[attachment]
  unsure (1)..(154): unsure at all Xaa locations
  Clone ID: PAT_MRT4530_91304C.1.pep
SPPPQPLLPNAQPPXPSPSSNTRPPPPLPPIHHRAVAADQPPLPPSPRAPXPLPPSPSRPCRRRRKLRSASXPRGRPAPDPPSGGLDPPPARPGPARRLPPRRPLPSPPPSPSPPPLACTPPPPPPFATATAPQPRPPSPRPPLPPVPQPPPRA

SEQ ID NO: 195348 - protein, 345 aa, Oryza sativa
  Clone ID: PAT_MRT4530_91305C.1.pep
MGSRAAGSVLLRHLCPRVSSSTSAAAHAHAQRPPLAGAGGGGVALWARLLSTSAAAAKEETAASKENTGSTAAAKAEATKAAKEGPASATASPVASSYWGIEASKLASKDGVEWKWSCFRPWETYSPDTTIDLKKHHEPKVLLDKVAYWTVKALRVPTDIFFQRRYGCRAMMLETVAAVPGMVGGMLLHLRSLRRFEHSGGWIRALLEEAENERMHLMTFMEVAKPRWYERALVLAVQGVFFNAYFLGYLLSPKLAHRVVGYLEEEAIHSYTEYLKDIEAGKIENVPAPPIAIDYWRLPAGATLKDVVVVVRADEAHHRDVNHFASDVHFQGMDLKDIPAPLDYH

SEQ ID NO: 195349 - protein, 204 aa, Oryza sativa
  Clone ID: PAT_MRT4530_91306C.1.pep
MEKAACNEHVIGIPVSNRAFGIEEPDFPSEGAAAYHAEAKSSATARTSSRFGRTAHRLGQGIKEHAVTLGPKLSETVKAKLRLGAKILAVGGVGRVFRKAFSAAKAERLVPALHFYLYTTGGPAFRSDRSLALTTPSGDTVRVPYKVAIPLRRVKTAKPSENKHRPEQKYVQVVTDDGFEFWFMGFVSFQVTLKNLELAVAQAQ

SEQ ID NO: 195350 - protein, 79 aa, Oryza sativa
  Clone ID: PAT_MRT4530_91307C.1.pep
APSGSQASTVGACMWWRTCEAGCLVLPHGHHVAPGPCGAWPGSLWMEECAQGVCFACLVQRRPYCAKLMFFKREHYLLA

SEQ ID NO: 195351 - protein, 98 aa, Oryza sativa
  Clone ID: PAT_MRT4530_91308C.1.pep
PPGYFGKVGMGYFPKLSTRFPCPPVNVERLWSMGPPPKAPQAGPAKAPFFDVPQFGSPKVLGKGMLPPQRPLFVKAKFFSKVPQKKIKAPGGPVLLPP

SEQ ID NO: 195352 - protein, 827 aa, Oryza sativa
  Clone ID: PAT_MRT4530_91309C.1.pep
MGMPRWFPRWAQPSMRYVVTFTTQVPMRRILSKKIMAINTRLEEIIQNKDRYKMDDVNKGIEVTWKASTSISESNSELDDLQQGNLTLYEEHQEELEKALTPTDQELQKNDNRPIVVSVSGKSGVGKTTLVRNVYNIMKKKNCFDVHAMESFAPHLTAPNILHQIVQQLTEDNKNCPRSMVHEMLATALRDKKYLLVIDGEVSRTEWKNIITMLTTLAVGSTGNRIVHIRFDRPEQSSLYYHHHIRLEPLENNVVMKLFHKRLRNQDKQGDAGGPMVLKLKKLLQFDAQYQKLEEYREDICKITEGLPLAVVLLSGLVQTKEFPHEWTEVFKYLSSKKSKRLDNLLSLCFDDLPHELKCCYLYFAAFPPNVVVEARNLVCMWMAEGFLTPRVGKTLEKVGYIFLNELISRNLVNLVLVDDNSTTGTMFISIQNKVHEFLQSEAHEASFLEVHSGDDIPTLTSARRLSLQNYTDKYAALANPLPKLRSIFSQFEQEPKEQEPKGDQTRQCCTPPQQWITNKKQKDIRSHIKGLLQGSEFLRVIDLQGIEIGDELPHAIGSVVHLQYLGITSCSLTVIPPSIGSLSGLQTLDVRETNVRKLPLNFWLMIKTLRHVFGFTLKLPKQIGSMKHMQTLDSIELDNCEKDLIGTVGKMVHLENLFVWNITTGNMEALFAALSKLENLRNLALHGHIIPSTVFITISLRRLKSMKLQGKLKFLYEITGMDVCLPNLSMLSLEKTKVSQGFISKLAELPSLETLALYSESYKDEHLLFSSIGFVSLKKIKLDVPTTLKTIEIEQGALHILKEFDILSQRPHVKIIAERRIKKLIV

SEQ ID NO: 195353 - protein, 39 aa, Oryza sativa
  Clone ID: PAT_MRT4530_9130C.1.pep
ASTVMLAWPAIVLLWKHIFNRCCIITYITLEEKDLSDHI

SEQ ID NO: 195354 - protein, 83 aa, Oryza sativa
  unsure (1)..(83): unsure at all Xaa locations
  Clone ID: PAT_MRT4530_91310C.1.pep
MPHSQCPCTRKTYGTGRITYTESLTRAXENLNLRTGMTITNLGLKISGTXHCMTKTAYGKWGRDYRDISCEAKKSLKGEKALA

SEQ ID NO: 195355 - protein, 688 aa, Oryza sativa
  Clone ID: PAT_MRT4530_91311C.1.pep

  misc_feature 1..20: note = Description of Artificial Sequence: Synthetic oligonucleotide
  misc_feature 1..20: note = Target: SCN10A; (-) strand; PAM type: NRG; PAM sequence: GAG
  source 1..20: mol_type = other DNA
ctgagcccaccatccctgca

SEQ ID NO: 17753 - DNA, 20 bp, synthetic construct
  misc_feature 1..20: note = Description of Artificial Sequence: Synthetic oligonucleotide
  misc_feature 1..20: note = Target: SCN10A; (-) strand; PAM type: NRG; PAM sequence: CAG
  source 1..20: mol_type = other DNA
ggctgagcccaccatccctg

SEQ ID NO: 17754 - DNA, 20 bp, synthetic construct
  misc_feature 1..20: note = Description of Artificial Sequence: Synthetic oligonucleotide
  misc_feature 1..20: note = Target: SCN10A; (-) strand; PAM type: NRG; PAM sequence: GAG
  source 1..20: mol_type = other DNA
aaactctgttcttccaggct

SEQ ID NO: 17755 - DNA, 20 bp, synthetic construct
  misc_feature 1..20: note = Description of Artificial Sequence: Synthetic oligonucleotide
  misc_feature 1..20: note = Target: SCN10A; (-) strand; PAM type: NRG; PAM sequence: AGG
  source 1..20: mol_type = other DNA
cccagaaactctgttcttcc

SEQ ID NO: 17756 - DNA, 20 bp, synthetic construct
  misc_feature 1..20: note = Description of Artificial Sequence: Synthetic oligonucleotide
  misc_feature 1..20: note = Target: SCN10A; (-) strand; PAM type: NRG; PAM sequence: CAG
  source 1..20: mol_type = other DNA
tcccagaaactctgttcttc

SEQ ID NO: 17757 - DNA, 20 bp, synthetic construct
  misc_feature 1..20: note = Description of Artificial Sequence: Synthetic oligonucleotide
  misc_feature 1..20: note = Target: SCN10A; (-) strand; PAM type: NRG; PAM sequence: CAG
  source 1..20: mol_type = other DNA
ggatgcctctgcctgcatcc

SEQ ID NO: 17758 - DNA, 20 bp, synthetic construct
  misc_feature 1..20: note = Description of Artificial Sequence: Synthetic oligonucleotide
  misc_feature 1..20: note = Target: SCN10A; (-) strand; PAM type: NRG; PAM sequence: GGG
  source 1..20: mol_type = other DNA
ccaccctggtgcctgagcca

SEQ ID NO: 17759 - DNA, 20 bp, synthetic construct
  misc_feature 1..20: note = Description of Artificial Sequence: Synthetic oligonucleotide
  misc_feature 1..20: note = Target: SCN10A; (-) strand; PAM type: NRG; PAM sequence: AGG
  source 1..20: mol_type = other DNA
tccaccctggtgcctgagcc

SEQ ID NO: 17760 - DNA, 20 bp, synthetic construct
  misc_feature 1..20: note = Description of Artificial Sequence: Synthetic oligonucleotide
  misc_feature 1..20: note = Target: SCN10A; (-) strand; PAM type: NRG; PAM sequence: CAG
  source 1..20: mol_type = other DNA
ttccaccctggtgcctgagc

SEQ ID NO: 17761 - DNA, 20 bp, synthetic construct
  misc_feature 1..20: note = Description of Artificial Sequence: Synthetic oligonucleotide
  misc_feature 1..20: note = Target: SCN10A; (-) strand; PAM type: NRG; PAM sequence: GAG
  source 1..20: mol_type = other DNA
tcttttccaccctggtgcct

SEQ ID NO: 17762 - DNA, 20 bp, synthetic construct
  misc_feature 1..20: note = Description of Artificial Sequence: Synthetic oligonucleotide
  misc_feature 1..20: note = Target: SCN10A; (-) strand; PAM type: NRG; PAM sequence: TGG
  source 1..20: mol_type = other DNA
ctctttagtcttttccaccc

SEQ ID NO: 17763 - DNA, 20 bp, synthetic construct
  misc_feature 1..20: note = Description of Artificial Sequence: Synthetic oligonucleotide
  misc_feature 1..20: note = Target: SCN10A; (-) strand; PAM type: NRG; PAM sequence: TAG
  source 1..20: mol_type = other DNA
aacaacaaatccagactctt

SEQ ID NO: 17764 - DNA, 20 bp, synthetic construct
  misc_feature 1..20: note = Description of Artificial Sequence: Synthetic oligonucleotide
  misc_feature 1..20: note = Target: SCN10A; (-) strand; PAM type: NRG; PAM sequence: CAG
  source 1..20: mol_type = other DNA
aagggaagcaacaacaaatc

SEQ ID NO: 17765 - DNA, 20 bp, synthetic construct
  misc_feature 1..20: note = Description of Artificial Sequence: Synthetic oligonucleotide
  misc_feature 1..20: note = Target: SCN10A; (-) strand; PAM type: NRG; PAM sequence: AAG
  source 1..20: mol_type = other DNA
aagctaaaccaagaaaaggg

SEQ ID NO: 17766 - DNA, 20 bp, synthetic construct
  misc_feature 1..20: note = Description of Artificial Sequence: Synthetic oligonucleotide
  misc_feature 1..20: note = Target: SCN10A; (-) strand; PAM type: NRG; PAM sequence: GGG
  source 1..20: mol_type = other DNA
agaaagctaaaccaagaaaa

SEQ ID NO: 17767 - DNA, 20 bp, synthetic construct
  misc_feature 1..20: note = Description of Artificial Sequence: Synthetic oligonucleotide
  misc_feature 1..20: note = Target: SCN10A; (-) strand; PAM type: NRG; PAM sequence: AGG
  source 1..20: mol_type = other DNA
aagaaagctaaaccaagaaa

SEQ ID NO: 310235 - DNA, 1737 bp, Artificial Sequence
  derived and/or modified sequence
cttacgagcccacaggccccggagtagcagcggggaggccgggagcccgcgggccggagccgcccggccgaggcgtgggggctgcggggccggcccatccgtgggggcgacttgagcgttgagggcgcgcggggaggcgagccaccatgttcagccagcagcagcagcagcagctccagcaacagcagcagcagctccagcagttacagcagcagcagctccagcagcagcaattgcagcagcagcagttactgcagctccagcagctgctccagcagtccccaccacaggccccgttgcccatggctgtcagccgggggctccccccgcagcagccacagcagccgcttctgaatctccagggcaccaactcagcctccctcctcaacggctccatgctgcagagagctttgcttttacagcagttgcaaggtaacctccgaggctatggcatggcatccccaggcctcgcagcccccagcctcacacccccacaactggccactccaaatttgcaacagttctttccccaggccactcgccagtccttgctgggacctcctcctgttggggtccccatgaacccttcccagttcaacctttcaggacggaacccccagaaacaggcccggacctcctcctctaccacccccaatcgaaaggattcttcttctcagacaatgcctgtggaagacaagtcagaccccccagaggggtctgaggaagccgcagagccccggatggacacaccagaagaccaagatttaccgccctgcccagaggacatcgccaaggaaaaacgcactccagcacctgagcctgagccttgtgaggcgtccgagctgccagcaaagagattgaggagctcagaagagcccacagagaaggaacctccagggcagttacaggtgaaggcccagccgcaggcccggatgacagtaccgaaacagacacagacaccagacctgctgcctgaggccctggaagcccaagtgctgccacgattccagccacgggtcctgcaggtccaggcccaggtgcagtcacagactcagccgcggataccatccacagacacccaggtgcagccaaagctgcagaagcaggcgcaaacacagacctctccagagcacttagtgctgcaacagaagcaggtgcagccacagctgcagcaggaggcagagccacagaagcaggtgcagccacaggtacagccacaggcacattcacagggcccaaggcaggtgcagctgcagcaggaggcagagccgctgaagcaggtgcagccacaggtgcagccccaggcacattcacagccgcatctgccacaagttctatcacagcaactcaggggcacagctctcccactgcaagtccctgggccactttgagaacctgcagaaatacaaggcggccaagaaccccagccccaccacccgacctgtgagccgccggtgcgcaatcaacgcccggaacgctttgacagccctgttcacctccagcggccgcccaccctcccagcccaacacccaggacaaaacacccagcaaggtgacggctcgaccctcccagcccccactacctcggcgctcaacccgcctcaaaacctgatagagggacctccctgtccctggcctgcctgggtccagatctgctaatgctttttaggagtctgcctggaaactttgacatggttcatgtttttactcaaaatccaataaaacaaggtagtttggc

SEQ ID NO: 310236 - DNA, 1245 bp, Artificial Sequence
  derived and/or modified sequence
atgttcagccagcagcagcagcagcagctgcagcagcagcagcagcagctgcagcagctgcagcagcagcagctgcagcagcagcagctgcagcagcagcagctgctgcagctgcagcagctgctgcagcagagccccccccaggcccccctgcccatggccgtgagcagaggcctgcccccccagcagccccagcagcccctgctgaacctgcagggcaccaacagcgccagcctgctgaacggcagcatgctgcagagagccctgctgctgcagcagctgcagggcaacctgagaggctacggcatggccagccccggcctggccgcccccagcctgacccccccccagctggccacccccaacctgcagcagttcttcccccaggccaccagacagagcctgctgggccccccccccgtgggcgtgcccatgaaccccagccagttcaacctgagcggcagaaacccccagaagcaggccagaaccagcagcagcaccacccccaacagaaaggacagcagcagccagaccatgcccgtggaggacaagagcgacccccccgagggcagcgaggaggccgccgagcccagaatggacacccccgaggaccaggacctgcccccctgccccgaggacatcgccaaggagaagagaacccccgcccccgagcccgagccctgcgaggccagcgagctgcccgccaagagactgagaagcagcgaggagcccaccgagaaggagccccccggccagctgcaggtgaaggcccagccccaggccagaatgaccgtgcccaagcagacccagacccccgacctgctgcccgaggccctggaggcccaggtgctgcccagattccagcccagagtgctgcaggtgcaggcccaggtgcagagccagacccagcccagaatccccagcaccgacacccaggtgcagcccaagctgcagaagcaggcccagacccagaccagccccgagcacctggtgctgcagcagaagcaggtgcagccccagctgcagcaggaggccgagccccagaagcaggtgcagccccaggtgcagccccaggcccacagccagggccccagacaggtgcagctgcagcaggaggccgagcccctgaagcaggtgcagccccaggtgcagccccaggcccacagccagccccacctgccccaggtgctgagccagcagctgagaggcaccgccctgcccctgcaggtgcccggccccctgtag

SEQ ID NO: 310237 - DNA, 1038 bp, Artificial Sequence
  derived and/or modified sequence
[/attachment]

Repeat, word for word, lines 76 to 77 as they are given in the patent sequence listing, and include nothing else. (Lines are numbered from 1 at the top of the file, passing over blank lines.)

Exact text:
tcttttccaccctggtgcct

SEQ ID NO: 17762 - DNA, 20 bp, synthetic construct